DynEmp: New cross-country evidence on the role of young firms in job creation, growth, and innovation
Chiara Criscuolo, Peter N. Gal, Carlo Menon 26 May 2014
Young firms are known to play a central role in job creation. This column presents the results of a new OECD project on the dynamics of employment (DynEmp) based on an innovative methodology using firm-level data. It confirms that young firms play a central role in creating jobs, and in enhancing growth and innovation. Public policies can help by enabling firms to experiment, and by fostering the reallocation of resources towards the most productive firms. Structural reforms to product, labour, and capital markets, as well as bankruptcy laws that do not overly penalise failure, are particularly relevant.
Since well before the crisis, many OECD economies have been confronted with sluggish productivity growth. In the aftermath of the crisis, job creation has also stalled and has become an important policy issue. Business dynamics are at the core of the creative destruction process. Available evidence points to significant cross-country heterogeneity in the dynamism of businesses, even after taking into account differences in sectoral composition. This raises policymakers’ interest in understanding the role of framework conditions in this area.
Labour markets Productivity and Innovation
R&D, employment, growth, OECD, job creation, business cycles, firms, start-ups
Why don’t African firms create more jobs?
Leonardo Iacovone, Vijaya Ramachandran 07 February 2014
There is an urgent need for job creation in Africa yet something seems to be stunting firm growth. This column shows that African firms are about 20% smaller than their counterparts in other locations. It suggests small firms put the brake on growth as the burden of dealing with government and labour costs may increase with size, or perhaps as they start facing trust issues between managers and workers.
There is an urgent need for job creation in Africa. Many economies on the continent suffer high rates of under-employment and/or low-productivity employment. In addition, because of demographic factors, many countries anticipate that large numbers of youth will enter the workforce in the near future. This may be beneficial to economic growth but also a potential threat to social stability.
Development Labour markets
Africa, firms, jobs
Preparing to export
Danielken Molina, Marc Muendler 27 May 2013
Exporting is essential for economic development. But can firms move from local sales to export sales? How do firms prepare for exporting? This column presents new research showing that worker mobility is an important mechanism by which exporter knowledge spreads through the economy.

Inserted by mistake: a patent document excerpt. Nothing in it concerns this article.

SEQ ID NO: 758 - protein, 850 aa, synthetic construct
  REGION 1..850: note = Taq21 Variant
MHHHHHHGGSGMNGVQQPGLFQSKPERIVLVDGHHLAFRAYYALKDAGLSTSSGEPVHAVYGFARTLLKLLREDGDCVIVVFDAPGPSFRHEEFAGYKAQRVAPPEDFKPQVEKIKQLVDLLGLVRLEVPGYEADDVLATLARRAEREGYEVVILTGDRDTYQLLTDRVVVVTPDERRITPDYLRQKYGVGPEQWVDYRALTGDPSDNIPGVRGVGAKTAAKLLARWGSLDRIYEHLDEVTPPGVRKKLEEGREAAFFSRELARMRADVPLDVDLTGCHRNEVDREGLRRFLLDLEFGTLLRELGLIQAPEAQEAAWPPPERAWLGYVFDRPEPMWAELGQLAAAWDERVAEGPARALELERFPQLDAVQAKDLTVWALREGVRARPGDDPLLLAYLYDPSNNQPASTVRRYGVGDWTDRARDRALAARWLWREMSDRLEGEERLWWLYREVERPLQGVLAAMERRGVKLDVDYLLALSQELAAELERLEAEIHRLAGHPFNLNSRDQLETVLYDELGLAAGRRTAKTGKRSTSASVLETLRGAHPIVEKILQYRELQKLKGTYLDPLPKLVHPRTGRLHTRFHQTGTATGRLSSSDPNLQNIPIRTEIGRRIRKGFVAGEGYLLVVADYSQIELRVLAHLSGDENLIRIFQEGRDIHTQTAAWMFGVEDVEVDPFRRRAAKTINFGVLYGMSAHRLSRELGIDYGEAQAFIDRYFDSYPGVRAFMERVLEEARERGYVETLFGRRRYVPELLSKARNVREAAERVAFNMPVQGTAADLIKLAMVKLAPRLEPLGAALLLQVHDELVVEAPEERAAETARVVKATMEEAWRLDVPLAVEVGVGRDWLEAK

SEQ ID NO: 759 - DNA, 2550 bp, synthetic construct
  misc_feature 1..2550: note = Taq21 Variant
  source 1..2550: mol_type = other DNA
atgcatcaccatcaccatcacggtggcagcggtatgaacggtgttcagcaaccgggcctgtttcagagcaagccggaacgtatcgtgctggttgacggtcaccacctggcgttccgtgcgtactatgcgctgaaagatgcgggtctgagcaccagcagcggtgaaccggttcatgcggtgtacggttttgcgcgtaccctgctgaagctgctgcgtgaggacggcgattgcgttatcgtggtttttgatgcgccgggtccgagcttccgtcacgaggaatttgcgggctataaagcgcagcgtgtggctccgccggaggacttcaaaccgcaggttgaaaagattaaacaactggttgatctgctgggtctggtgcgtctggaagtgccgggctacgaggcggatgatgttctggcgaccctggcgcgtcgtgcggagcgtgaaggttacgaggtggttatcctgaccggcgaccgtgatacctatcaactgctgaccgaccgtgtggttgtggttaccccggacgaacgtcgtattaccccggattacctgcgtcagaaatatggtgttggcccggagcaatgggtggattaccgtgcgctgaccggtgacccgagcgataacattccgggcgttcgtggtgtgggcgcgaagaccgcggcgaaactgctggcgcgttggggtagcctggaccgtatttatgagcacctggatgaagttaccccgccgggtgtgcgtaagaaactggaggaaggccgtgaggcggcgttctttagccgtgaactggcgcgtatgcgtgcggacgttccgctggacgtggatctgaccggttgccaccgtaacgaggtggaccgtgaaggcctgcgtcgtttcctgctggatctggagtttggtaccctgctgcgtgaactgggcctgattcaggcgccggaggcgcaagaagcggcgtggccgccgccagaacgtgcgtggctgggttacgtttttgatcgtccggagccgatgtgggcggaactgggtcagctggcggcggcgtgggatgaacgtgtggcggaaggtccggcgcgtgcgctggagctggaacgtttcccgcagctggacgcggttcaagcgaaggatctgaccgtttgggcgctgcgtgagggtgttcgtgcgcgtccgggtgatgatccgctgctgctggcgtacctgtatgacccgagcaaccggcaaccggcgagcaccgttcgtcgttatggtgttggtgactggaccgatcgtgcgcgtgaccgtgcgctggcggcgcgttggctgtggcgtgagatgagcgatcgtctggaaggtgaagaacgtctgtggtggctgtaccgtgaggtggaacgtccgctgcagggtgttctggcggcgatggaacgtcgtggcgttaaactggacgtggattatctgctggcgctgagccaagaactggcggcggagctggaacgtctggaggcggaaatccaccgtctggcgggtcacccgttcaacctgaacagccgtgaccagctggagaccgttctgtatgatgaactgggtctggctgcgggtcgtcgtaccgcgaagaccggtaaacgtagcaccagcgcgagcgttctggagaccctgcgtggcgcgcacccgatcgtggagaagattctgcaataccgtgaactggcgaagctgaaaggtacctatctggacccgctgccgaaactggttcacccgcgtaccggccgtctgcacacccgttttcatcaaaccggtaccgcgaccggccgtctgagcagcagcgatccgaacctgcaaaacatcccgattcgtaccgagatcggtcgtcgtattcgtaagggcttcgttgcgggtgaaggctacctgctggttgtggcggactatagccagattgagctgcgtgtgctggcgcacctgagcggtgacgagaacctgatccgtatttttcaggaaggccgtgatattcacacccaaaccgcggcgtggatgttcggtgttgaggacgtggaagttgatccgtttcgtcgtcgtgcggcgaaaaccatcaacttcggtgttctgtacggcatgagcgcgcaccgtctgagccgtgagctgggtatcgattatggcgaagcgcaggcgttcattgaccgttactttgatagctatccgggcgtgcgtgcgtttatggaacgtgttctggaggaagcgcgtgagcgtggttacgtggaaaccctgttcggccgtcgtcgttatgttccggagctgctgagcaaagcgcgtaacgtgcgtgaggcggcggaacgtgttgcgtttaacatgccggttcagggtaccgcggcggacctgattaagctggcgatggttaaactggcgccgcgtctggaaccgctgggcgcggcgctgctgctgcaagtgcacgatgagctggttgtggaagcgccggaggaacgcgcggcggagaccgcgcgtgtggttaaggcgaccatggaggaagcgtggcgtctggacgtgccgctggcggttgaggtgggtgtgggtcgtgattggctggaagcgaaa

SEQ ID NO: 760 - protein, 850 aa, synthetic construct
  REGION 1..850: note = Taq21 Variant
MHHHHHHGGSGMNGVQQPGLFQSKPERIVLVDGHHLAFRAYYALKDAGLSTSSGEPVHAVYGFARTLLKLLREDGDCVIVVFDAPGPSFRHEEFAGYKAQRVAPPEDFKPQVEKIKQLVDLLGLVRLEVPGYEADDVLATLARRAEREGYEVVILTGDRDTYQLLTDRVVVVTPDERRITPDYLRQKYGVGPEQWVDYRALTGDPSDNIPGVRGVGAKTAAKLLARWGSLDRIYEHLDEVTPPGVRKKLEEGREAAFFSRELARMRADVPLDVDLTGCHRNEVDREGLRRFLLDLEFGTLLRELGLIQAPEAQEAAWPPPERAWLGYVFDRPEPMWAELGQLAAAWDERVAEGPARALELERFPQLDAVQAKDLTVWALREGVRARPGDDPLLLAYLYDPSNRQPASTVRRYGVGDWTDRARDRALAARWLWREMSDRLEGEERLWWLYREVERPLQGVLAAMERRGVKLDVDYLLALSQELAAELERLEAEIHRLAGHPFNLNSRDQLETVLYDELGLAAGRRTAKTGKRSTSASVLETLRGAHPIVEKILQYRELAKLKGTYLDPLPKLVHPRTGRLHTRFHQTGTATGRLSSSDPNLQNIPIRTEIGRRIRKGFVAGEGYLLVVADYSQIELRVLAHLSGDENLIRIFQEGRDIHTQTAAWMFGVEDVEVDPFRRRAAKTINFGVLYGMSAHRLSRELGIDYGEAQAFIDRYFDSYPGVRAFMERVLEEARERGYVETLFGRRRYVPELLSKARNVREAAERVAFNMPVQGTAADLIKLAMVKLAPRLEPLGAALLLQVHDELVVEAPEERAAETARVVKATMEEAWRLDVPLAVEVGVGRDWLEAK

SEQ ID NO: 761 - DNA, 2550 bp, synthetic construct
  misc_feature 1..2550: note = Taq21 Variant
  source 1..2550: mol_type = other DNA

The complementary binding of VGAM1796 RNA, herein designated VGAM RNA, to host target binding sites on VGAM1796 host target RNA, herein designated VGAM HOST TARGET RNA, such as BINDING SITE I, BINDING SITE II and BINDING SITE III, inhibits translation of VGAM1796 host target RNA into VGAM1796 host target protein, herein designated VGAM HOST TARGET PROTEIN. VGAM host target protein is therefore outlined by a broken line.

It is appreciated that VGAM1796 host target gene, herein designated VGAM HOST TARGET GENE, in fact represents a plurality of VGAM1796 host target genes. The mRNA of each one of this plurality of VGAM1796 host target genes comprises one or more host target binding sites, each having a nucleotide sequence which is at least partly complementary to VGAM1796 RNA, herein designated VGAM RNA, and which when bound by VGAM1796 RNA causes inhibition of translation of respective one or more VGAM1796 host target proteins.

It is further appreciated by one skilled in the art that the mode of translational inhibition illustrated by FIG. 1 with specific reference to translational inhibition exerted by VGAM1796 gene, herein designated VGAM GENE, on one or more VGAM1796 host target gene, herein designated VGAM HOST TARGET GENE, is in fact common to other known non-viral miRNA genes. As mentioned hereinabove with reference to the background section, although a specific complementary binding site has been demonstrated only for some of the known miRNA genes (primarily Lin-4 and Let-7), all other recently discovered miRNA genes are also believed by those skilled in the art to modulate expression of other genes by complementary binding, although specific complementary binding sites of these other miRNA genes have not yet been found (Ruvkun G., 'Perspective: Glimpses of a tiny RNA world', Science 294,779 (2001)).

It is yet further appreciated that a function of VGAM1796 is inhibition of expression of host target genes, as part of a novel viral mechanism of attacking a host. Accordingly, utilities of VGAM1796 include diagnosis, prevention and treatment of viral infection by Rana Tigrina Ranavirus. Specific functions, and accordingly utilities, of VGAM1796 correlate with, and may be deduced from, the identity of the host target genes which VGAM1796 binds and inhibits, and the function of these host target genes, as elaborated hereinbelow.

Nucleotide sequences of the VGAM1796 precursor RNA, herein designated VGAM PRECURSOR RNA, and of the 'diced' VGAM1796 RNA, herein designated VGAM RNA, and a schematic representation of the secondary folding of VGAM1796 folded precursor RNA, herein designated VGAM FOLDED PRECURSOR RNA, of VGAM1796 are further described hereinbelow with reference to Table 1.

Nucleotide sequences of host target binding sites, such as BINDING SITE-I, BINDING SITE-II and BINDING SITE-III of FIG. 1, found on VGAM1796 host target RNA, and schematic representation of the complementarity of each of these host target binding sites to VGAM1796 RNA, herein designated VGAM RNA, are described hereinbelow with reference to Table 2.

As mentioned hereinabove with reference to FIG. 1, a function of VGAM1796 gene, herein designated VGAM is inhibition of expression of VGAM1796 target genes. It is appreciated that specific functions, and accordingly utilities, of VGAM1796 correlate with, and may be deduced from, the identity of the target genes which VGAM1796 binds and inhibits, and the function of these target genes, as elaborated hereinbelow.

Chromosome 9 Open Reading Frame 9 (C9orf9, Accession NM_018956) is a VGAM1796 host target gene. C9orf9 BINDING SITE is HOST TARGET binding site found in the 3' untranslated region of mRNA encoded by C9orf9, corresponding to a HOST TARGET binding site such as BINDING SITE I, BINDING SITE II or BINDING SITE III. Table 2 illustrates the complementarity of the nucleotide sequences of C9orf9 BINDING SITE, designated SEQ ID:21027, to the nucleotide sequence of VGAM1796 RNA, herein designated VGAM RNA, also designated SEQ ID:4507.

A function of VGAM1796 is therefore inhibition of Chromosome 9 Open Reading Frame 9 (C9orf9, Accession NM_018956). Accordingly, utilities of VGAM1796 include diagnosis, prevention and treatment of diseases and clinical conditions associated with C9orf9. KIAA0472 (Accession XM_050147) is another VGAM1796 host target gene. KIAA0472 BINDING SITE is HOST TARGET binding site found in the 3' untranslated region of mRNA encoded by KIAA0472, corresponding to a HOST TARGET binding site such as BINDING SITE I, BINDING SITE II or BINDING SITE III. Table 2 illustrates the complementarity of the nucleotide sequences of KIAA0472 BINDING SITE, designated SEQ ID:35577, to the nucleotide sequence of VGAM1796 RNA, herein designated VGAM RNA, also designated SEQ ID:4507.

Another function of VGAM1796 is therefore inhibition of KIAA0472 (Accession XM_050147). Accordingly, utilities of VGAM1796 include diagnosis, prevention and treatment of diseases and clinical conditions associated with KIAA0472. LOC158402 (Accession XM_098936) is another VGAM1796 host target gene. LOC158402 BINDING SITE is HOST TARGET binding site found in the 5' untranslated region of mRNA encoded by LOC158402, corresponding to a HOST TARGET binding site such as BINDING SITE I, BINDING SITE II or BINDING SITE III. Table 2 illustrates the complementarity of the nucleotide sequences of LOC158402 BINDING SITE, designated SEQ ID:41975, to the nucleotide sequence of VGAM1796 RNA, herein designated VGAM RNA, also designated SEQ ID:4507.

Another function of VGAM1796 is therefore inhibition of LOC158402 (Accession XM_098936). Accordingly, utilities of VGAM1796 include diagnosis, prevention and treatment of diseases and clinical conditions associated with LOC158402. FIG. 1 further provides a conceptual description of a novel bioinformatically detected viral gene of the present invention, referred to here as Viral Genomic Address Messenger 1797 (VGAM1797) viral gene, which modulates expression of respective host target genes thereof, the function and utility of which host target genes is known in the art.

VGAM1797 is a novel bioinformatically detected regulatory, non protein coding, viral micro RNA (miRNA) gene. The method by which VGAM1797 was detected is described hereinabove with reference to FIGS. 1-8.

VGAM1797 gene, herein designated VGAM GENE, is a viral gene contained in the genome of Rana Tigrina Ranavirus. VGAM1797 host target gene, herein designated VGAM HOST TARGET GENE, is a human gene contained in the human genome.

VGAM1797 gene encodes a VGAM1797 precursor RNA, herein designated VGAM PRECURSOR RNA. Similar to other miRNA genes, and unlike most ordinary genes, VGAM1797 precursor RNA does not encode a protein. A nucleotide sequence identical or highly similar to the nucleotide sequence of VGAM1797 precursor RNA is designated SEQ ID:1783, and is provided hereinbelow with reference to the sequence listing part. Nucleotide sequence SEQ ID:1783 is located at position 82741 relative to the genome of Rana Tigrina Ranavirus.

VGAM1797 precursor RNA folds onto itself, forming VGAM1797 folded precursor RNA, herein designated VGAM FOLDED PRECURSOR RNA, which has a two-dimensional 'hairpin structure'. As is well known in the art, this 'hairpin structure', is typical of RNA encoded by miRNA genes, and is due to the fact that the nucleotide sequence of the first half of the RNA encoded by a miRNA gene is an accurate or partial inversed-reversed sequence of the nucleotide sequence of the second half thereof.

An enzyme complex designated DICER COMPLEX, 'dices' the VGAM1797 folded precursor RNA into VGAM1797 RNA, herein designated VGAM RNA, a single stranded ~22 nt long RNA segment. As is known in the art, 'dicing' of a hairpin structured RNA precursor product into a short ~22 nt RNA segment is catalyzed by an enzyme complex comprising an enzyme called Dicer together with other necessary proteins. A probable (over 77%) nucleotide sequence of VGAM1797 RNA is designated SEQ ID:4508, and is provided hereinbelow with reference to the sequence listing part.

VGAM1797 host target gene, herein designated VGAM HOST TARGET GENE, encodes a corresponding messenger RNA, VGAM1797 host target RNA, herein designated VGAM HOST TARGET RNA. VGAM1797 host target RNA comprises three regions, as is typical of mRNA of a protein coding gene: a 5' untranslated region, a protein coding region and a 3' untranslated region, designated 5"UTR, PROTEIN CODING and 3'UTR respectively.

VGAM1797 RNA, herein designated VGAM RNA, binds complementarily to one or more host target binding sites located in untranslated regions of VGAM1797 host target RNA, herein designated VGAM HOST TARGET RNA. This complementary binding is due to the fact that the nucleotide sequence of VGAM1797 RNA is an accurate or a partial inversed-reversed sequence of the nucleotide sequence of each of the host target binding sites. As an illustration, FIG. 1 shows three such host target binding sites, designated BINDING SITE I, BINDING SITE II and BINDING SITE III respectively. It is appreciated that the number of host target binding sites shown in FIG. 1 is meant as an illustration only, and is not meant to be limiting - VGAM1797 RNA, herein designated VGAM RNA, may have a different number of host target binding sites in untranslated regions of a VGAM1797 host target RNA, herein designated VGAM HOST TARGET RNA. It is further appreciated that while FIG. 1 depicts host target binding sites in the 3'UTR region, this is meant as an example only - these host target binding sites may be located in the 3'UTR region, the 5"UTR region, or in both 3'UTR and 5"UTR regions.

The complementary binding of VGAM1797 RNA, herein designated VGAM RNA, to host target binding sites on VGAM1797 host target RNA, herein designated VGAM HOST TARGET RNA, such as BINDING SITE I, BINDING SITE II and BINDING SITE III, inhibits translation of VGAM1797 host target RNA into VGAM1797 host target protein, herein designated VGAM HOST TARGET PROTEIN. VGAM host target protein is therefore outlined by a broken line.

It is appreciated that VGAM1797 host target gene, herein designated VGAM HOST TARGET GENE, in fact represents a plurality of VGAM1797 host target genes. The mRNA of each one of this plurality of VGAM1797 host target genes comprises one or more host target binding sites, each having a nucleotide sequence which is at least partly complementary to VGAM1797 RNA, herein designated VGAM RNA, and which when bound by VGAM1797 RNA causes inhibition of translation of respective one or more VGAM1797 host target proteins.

Exporting is an essential feature of strategies for economic development for very good reasons. A large body of empirical evidence shows that exporters are larger, more productive, pay higher wages and hire more skilled workers (Bernard and Jensen 1995). But do firms move from local sales to export sales? What choices do firms make in preparation for exporting? How do these choices affect a firm’s future export performance?
Labour Markets, exports, firms
Stock market turnover and corporate governance
Alex Edmans, Vivian W Fang, Emanuel Zur 16 February 2013
The stock market is a powerful tool for controlling corporations’ behaviour. But which is better, a highly liquid market or a number of large blockholders? This column argues in favour of liquidity. Evidence suggests that policymakers should not reduce stock liquidity through greater regulation. While the idea that liquidity encourages short-term trading – rather than long-term governance – sounds intuitive, deeper analysis shows that liquidity is beneficial because it encourages large shareholders to form in the first place, and allows shareholders to punish underperforming firms through selling their stake.
The stock market is a powerful tool for controlling corporation’s behaviour. But what is best:
financial markets, liquidity, corporate governance, firms, stocks
Are services traded differently?
Andrea Ariu 23 December 2012
International trade is traditionally thought of as goods crossing borders. Trade in services, however, is becoming increasingly important for high-income countries. This column, using Belgian firm-level data from 1995-2005, argues that trade in goods and services differ deeply in key aspects such as firm participation rates, size and frequency of shipments, entry and exit rates in foreign markets and in growth strategies.
International trade is traditionally thought of as goods crossing borders. Trade in services, however, is becoming increasingly important for high-income countries and its role is likely to grow substantially over the next years (Francois and Hoekman 2010).
Trade in services and goods differ along several critical dimensions (WTO 2010).
Belgium, firms, trade in services
Firm organisation: What we know and why we should care
Laura Alfaro, Paola Conconi, Harald Fadinger, Patrick Legros, Andrew Newman 02 December 2012